Fahrenheit 451 Characters
The main characters in Fahrenheit 451 are Guy Montag, Mildred Montag, Clarisse McClellan, and Captain Beatty.
- Guy Montag is a fireman who is tasked with burning books. He becomes disillusioned with his society and with the idea that books should be destroyed.
- Mildred Montag is Guy Montag’s wife. She tries to distract herself from her oppressive existence and eventually reports Montag to the authorities.
- Clarisse McClellan is Montag’s young and highly intelligent neighbor. Clarisse helps Montag recognize his unhappiness.
- Captain Beatty is the Chief Burner and Montag’s boss. He forces Montag to burn down his own house and goads Montag into killing him.
Guy Montag—simply referred to as "Montag" throughout the bulk of the narrative—is the protagonist of Fahrenheit 451. The events of the novel are told from his perspective, and the plot is primarily driven by the evolution of his personal choices as he navigates the rigid, dystopian world around him.
At the beginning of the story, Montag is a third-generation fireman. He spends his workday burning books—all of which are illegal contraband—for the fire department. He is obedient to the fire captain and content in his work, and he never stops to wonder why things are the way they are. When he meets a new neighbor, seventeen-year-old Clarisse McLellan, on his way home from the fire station one night, she challenges his traditional thinking, and Montag's view of the world begins to shift. Clarisse is different than anybody he's met before—she is thoughtful and inquisitive, and she encourages Montag to ask questions about the world around him. Her perspective leaves an impression on him, and he slowly begins to question the established rules of society in ways he never has before.
As their friendship develops, Montag's sense of the world around him changes. The system that used to seem efficient and tidy begins, instead, to feel authoritarian and oppressive. As he becomes more and more disillusioned with the social order of his environment, his outward behavior begins to change, too: he begins hoarding books in secret, acting strangely around others, and actively seeking out the friendship and guidance of those who live in contravention to established norms. These choices ultimately upturn life as he knows it. By the book's close, Montag's perspective on life has shifted dramatically, and he is living outside of society entirely.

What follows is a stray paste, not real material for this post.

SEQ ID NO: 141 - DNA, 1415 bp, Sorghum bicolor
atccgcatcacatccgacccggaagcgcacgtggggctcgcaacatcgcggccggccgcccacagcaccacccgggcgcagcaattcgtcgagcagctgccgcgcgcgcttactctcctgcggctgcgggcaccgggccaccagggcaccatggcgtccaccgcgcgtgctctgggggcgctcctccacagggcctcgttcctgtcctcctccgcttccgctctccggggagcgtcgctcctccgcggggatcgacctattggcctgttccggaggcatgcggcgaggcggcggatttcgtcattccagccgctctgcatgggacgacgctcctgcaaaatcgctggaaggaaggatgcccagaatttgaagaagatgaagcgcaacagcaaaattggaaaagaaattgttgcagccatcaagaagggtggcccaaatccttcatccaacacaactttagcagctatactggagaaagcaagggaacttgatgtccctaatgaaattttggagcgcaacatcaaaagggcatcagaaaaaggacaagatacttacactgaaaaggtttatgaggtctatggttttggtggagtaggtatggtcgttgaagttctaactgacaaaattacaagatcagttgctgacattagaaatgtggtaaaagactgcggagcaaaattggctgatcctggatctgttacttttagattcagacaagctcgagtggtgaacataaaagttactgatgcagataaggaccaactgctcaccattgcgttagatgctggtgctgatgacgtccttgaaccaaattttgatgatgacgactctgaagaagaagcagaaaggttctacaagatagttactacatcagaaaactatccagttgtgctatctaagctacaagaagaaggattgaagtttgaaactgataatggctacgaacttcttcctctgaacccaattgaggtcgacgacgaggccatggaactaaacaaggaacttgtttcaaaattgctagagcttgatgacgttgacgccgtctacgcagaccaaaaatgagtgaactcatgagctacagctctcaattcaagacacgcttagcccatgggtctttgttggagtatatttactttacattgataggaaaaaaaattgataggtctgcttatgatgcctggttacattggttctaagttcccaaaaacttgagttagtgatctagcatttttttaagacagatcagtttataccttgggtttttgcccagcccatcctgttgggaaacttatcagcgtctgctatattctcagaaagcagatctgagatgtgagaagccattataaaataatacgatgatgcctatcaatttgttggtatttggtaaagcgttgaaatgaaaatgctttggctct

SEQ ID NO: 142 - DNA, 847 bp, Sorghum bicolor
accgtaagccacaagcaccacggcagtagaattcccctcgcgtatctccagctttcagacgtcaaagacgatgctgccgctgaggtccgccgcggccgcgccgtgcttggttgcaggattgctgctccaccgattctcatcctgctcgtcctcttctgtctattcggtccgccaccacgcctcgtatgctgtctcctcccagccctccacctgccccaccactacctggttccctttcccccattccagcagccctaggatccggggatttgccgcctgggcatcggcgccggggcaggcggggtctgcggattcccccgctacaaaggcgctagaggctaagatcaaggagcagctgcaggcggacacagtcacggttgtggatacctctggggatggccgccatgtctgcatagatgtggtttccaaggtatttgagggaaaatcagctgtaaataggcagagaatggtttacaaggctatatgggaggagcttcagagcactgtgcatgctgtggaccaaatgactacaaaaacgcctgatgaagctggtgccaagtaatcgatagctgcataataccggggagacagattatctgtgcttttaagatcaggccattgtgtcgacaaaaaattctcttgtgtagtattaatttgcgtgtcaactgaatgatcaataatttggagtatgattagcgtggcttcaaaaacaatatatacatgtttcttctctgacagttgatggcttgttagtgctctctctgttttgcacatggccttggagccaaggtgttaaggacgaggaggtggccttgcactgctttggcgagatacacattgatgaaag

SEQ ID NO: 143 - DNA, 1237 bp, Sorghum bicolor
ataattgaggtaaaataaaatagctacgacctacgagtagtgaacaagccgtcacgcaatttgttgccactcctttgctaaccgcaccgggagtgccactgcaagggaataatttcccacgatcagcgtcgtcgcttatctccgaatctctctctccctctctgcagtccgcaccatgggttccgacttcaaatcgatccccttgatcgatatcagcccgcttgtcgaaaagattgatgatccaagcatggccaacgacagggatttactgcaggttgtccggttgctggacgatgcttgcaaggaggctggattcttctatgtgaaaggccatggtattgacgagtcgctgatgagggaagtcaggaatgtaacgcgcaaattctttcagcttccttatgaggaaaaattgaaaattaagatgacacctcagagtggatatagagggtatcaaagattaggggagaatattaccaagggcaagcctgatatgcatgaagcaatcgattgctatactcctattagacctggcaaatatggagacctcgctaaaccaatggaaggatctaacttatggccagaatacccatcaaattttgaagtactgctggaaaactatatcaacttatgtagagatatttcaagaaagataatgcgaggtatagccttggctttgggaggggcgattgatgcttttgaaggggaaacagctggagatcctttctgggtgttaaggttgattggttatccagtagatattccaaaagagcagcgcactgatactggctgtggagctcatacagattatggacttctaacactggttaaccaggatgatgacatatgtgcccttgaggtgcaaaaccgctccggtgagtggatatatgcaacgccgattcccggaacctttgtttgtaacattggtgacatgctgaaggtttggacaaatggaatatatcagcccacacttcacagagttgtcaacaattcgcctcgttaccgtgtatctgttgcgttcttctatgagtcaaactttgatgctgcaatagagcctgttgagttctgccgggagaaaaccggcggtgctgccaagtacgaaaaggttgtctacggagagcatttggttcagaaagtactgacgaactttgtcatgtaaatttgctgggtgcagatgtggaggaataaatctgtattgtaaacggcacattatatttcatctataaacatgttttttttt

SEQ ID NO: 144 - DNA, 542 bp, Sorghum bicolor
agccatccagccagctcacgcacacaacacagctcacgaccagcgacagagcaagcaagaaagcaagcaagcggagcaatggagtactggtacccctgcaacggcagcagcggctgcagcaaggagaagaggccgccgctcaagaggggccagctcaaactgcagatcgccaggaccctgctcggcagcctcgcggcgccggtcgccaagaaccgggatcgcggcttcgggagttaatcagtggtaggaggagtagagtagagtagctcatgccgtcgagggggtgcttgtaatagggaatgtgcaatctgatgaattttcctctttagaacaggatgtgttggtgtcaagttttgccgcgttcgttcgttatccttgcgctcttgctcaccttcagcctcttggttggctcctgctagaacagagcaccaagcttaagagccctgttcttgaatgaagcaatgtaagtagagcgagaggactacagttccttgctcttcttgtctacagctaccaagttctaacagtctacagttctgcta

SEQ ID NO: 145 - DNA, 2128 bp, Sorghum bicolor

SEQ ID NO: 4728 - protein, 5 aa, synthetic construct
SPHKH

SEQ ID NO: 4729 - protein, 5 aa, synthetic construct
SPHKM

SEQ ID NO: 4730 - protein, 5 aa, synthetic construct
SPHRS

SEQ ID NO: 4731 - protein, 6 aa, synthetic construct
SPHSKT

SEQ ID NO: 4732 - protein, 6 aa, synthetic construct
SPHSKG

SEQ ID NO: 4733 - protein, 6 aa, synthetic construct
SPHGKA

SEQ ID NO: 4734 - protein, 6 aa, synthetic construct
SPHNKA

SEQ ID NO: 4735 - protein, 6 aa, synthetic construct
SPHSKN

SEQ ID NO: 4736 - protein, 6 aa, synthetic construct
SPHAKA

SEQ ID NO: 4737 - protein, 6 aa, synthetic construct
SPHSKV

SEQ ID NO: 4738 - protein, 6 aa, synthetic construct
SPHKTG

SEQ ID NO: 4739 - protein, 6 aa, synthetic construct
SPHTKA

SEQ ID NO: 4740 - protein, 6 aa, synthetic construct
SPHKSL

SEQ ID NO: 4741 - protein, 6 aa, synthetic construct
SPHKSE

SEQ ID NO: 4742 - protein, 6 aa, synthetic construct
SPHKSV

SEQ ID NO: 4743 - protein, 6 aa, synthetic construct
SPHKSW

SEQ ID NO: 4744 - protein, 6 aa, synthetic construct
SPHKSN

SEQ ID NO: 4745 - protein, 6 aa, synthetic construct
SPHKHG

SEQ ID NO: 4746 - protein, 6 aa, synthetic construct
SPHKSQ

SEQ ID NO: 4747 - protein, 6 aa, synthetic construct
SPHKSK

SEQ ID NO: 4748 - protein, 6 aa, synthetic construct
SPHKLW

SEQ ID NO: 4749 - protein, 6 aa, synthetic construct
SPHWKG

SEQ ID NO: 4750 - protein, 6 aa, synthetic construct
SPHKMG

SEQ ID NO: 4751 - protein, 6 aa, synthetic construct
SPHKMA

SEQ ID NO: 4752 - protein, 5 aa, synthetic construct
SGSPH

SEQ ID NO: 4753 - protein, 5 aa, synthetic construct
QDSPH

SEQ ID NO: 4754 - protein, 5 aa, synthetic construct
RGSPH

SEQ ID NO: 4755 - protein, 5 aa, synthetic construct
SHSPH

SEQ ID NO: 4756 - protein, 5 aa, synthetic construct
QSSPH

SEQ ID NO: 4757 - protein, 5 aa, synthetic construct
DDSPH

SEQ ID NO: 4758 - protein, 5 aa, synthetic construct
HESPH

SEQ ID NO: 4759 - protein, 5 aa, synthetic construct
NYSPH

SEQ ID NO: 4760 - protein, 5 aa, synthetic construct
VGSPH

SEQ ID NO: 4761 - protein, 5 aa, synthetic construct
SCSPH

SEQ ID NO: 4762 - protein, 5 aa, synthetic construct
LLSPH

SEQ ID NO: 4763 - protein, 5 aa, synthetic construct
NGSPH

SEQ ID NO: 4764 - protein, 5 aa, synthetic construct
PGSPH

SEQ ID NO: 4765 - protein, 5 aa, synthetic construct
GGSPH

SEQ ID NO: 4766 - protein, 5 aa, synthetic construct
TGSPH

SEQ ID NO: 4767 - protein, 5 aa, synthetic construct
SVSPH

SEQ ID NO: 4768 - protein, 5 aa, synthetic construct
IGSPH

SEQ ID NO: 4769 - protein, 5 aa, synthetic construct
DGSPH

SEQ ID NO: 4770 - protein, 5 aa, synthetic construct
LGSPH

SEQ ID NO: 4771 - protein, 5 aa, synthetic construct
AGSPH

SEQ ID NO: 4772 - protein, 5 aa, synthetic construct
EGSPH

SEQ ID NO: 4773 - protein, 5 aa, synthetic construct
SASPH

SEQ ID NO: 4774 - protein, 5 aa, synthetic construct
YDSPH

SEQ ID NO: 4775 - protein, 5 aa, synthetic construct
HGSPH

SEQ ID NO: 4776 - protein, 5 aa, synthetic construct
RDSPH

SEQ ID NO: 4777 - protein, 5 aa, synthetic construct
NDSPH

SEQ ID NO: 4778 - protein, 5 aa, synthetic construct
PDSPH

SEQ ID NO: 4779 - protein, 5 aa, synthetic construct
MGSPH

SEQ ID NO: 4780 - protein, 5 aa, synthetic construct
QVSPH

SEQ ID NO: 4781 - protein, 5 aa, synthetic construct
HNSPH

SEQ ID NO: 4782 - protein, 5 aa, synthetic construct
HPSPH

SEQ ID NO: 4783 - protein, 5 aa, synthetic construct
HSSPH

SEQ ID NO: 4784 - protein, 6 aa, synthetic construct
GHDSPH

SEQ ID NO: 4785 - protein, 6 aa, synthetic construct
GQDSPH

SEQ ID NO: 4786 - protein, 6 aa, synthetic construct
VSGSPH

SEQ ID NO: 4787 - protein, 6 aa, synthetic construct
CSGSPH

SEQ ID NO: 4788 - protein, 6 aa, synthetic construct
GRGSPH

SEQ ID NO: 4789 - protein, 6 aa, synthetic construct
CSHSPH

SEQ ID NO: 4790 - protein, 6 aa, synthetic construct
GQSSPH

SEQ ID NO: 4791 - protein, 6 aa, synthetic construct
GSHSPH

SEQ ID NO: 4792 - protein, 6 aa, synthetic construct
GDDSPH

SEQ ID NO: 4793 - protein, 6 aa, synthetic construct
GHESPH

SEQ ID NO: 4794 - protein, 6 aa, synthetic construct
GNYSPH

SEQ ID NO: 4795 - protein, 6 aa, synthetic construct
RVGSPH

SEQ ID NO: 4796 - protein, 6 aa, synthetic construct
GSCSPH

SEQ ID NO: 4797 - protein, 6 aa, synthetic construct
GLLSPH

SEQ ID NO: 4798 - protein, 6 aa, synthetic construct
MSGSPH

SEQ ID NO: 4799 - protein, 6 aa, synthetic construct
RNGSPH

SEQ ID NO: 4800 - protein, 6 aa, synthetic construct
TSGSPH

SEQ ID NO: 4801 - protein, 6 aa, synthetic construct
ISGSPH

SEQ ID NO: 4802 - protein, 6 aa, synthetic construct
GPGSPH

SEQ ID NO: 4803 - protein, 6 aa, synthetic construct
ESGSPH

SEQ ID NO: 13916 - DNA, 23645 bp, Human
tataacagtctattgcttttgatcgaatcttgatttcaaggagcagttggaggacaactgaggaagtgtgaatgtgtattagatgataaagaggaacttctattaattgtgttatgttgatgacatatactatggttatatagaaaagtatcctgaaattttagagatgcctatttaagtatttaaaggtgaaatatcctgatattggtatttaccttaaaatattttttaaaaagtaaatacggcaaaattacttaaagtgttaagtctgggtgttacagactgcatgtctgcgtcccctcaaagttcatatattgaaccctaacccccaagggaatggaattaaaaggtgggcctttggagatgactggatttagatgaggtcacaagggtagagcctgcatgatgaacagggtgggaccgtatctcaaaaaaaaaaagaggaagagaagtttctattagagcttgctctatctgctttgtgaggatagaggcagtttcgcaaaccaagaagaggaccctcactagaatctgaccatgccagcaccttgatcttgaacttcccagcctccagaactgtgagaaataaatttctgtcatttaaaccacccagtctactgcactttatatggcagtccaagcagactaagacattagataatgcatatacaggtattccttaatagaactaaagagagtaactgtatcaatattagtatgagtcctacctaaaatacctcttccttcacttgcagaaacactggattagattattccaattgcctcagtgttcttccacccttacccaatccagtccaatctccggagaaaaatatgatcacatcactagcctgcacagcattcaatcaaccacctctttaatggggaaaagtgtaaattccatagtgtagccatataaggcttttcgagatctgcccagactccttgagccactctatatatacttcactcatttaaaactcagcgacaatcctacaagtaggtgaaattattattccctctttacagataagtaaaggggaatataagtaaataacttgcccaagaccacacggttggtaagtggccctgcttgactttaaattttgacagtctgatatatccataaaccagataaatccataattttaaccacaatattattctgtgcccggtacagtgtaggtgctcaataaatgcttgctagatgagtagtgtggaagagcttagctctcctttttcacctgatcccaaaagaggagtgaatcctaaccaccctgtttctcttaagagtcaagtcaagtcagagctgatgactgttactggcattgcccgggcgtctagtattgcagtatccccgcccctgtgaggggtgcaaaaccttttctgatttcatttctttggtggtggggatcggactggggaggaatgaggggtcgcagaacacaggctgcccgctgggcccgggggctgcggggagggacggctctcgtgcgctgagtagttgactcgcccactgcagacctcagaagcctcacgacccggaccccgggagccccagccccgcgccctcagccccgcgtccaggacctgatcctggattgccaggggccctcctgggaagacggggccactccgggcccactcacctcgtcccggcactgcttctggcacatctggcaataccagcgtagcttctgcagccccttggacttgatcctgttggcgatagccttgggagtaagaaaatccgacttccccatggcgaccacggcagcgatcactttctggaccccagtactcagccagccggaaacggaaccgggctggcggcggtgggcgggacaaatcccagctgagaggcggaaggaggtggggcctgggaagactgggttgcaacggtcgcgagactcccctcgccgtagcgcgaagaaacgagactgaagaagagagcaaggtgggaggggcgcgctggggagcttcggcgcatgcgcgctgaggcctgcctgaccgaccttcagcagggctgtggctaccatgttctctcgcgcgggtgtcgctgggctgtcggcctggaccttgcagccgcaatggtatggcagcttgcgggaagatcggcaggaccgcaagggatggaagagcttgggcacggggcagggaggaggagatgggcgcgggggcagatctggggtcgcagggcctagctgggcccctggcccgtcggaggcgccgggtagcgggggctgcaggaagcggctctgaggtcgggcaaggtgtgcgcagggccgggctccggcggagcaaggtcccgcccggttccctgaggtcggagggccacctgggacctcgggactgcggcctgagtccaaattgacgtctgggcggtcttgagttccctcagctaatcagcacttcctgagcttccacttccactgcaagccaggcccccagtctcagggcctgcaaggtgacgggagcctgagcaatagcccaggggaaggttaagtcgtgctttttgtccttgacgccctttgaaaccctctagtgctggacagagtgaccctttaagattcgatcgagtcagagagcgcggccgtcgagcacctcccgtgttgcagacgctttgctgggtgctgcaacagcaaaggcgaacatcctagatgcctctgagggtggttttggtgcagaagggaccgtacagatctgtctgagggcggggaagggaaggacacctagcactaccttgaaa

Mildred Montag, aged thirty, is Guy Montag's wife. In contrast to Guy's burgeoning discontentment, Mildred is a model citizen according to the norms of their society. Her life revolves around watching the "parlor walls"—large wall-sized screens that show immersive video programming all day. Mildred considers the people onscreen to be her "family," and her time with them is valuable to her. She has little interest in anything else and would prefer to stay busy and occupied with the parlor walls than to think about anything unpleasant or challenging. As Guy experiences his personal awakening, this change creates conflict and distance between himself and Mildred. He begins to express frustration, curiosity, and even anger, and she prefers to avoid all three. When he begins hoarding books at home, Mildred ultimately turns Montag in to the authorities.
In an early scene, prior to the advent of the tension between Guy and Mildred, Mildred attempts to take her own life by swallowing an excess of sleeping pills. This would suggest that life as a "model citizen" in the world of the novel is not as ideal as society would have the characters believe and that Mildred herself is masking a great deal of dissatisfaction behind her idealized front.
Clarisse McLellan is a seventeen-year-old student who, at the beginning of the novel, has just moved in next door to the Montags. On his way home from his shift at the fire station one night, Montag meets Clarisse, and they strike up a friendship.
Clarisse is, by the...
(The entire section is 1,019 words.)